grandma susie

I’m thinking about saying goodbye, or hagone (see you later) in Navajo. You see, there’s not many days left here, in this place I’ve called home for three and a half years. And now it’s time to move on, go forward, make my own way, leave my own trail.

In Arizona, they are deliberate with goodbyes. I remember the last day of church. They had all four of us stand up and talk, say thank you to the congregation, tell about what we learned, and then say hagone.

And we went to every single person, shook their hand or gave them a hug and said thank you. And I got to Grandma Susie, and she hugged me and started crying. And so I started crying. And she thanked me for cooking all summer, told me how much she loved to cook, and prayed for me. It was one of the most special hugs I ever received. And after the service, she gave me her frybread recipe. Grandma Susie’s frybread recipe. It was probably one of the most special gifts I’d ever received.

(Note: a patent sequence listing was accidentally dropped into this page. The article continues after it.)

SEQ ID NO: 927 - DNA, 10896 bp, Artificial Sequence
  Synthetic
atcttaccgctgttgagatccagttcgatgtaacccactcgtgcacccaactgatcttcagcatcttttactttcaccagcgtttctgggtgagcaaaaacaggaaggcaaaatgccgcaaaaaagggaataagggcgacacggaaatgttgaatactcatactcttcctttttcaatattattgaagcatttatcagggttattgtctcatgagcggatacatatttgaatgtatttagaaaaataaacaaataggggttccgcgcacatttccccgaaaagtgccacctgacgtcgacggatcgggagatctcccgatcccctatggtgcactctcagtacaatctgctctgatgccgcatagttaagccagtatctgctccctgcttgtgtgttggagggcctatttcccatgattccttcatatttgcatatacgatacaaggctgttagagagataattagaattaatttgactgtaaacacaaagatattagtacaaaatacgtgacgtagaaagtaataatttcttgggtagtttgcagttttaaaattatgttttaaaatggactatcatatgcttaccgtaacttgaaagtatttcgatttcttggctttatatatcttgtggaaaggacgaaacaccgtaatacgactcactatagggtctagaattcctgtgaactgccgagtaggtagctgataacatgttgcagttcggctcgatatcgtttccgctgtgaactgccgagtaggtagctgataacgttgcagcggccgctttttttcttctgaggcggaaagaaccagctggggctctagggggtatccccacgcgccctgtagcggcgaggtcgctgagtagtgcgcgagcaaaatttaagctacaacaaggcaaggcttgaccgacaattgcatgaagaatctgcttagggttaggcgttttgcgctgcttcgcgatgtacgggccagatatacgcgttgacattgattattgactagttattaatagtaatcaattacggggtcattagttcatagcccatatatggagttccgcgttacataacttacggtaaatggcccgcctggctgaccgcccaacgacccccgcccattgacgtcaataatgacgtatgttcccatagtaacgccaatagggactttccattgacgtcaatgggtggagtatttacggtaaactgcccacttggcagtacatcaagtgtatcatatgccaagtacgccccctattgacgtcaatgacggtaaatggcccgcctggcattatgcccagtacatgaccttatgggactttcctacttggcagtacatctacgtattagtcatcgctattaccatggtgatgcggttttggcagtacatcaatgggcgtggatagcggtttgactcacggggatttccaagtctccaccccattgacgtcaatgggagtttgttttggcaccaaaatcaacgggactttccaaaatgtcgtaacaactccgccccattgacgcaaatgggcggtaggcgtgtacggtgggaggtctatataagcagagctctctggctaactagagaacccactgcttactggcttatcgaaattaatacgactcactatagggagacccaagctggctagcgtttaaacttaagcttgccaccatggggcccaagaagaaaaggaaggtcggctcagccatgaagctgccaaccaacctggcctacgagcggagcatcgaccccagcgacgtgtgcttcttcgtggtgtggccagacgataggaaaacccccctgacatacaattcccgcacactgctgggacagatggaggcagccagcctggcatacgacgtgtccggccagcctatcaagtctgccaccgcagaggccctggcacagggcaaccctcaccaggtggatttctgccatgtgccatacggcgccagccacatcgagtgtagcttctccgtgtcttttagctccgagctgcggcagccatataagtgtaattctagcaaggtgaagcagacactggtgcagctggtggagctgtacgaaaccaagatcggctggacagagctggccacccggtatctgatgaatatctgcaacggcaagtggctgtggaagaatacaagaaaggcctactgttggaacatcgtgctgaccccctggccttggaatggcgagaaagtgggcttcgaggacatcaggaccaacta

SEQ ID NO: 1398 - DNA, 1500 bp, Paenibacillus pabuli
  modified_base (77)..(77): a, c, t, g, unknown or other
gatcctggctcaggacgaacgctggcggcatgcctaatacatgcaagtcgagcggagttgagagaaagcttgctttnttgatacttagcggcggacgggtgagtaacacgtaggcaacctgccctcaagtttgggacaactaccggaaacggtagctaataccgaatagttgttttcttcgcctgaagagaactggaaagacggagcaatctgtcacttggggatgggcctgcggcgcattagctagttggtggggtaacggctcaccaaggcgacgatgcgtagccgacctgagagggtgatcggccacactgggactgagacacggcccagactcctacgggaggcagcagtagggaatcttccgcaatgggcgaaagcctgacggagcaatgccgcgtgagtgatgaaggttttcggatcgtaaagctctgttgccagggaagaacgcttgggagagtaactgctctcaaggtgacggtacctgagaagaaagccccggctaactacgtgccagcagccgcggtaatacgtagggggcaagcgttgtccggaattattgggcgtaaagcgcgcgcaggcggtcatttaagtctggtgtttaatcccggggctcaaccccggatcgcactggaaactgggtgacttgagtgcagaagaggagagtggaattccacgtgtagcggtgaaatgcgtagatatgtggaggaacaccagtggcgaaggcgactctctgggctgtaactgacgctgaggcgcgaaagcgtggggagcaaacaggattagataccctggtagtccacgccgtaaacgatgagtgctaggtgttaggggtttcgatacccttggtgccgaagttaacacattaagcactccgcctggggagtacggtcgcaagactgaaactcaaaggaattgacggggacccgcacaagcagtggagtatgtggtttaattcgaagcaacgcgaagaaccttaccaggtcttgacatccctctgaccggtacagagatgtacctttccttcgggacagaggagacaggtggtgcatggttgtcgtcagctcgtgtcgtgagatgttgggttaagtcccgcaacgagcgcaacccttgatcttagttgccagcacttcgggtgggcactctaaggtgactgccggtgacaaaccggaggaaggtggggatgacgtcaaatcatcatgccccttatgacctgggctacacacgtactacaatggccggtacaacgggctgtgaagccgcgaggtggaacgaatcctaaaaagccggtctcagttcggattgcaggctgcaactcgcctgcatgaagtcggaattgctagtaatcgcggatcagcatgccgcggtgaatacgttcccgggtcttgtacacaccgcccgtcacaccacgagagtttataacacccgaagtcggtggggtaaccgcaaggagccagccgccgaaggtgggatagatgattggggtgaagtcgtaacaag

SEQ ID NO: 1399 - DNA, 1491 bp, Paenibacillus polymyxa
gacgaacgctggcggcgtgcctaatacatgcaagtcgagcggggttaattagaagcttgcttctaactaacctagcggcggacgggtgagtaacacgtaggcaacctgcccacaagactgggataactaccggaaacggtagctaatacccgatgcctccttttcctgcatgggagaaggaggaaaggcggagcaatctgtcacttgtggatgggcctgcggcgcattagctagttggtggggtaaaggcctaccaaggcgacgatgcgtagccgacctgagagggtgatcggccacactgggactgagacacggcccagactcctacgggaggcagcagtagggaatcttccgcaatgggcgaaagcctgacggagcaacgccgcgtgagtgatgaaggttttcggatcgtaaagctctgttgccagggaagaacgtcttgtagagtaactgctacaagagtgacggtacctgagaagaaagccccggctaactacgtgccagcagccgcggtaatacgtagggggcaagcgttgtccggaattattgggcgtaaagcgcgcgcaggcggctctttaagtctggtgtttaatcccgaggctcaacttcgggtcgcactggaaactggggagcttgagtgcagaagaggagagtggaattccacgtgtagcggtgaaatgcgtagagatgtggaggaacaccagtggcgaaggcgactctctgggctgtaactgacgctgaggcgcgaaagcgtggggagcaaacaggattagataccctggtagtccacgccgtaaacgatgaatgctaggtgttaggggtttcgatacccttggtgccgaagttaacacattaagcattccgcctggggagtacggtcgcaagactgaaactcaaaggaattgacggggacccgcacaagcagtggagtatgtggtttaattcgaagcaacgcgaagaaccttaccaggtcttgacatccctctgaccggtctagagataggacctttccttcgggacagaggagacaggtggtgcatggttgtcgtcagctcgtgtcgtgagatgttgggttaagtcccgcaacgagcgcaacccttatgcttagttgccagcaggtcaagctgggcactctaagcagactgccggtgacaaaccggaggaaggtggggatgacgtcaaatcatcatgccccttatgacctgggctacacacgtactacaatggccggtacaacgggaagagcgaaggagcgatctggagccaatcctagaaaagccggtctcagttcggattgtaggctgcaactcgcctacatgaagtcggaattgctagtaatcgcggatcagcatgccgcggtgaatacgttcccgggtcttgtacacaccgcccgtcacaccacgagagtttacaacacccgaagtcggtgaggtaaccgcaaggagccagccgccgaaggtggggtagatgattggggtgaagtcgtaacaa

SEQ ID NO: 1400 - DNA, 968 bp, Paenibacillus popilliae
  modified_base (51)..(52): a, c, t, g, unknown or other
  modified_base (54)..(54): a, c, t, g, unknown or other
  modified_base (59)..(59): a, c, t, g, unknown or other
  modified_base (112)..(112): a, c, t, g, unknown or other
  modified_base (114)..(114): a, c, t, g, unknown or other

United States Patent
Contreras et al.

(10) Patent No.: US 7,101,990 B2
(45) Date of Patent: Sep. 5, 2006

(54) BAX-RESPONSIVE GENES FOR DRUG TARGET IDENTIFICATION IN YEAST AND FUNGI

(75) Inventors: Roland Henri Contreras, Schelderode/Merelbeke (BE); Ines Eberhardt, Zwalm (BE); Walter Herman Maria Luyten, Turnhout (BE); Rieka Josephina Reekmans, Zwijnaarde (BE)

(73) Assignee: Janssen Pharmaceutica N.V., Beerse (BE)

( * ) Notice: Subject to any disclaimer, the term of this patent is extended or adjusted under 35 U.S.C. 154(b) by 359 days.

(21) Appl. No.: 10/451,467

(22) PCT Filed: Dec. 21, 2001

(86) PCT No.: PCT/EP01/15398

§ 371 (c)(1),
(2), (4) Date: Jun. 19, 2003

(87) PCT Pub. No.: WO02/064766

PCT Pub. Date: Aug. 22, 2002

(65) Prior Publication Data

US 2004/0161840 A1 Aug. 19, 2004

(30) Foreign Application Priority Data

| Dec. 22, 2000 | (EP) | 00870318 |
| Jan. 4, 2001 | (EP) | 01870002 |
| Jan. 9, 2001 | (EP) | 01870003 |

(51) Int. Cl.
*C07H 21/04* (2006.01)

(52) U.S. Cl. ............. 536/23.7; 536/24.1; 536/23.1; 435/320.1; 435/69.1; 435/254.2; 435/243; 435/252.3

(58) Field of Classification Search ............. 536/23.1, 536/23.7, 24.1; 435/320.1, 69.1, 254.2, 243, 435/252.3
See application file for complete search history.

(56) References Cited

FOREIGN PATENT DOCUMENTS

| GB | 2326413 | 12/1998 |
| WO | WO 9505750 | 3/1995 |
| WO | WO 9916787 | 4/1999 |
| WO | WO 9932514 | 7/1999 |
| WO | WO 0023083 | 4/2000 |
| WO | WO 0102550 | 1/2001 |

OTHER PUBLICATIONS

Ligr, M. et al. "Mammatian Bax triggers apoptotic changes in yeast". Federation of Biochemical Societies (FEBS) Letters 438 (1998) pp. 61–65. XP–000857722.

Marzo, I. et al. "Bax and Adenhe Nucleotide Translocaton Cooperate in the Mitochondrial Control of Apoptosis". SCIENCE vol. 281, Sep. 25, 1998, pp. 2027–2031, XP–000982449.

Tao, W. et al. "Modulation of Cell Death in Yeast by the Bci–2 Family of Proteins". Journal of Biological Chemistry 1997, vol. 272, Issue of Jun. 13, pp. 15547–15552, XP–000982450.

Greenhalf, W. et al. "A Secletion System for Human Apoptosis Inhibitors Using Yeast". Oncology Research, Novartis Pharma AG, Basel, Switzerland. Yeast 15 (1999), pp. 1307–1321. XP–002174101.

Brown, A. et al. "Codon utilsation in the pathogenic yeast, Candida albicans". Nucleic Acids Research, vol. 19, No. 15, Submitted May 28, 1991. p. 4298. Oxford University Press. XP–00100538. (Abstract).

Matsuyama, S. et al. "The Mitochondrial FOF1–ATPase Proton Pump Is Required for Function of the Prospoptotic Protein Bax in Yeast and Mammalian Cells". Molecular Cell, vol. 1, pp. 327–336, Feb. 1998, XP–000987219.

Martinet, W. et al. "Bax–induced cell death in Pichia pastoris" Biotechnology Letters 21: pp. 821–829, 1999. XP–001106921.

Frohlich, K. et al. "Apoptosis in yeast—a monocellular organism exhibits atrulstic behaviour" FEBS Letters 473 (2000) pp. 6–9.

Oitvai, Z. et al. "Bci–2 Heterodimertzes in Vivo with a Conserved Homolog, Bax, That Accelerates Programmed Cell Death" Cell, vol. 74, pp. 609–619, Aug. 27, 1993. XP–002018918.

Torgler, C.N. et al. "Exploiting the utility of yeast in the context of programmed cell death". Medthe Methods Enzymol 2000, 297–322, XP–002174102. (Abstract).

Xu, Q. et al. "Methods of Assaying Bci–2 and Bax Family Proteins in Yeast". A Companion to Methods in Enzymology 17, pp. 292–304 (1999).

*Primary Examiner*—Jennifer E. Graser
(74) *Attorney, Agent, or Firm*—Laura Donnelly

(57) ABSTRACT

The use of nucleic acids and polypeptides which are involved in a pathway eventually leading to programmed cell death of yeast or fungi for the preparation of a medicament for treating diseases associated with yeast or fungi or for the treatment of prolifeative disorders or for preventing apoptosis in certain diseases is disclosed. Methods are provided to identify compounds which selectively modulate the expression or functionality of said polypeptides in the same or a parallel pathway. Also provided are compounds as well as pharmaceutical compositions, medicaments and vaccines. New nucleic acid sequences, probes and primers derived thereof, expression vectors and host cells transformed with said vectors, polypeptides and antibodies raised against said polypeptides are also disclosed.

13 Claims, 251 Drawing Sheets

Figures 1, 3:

Someday, I hope I get to tell Grandma Susie thank you. Not just thanks for the recipe or the hug, but thanks for letting me be a part of the family, thanks for teaching me more than just how to cook, thanks for letting me stand right next to her and hold down the sheep while she cuts the throat, thanks for the love she poured into everything.

I also wish that I could show the family how many times I’ve cooked frybread. I wish they knew that not a day goes by that I don’t think of them. I wish I could tell them that this Christmas, we’re having Navajo tacos, and that I will constantly be thinking of them.

Thank you, Grandma Susie.

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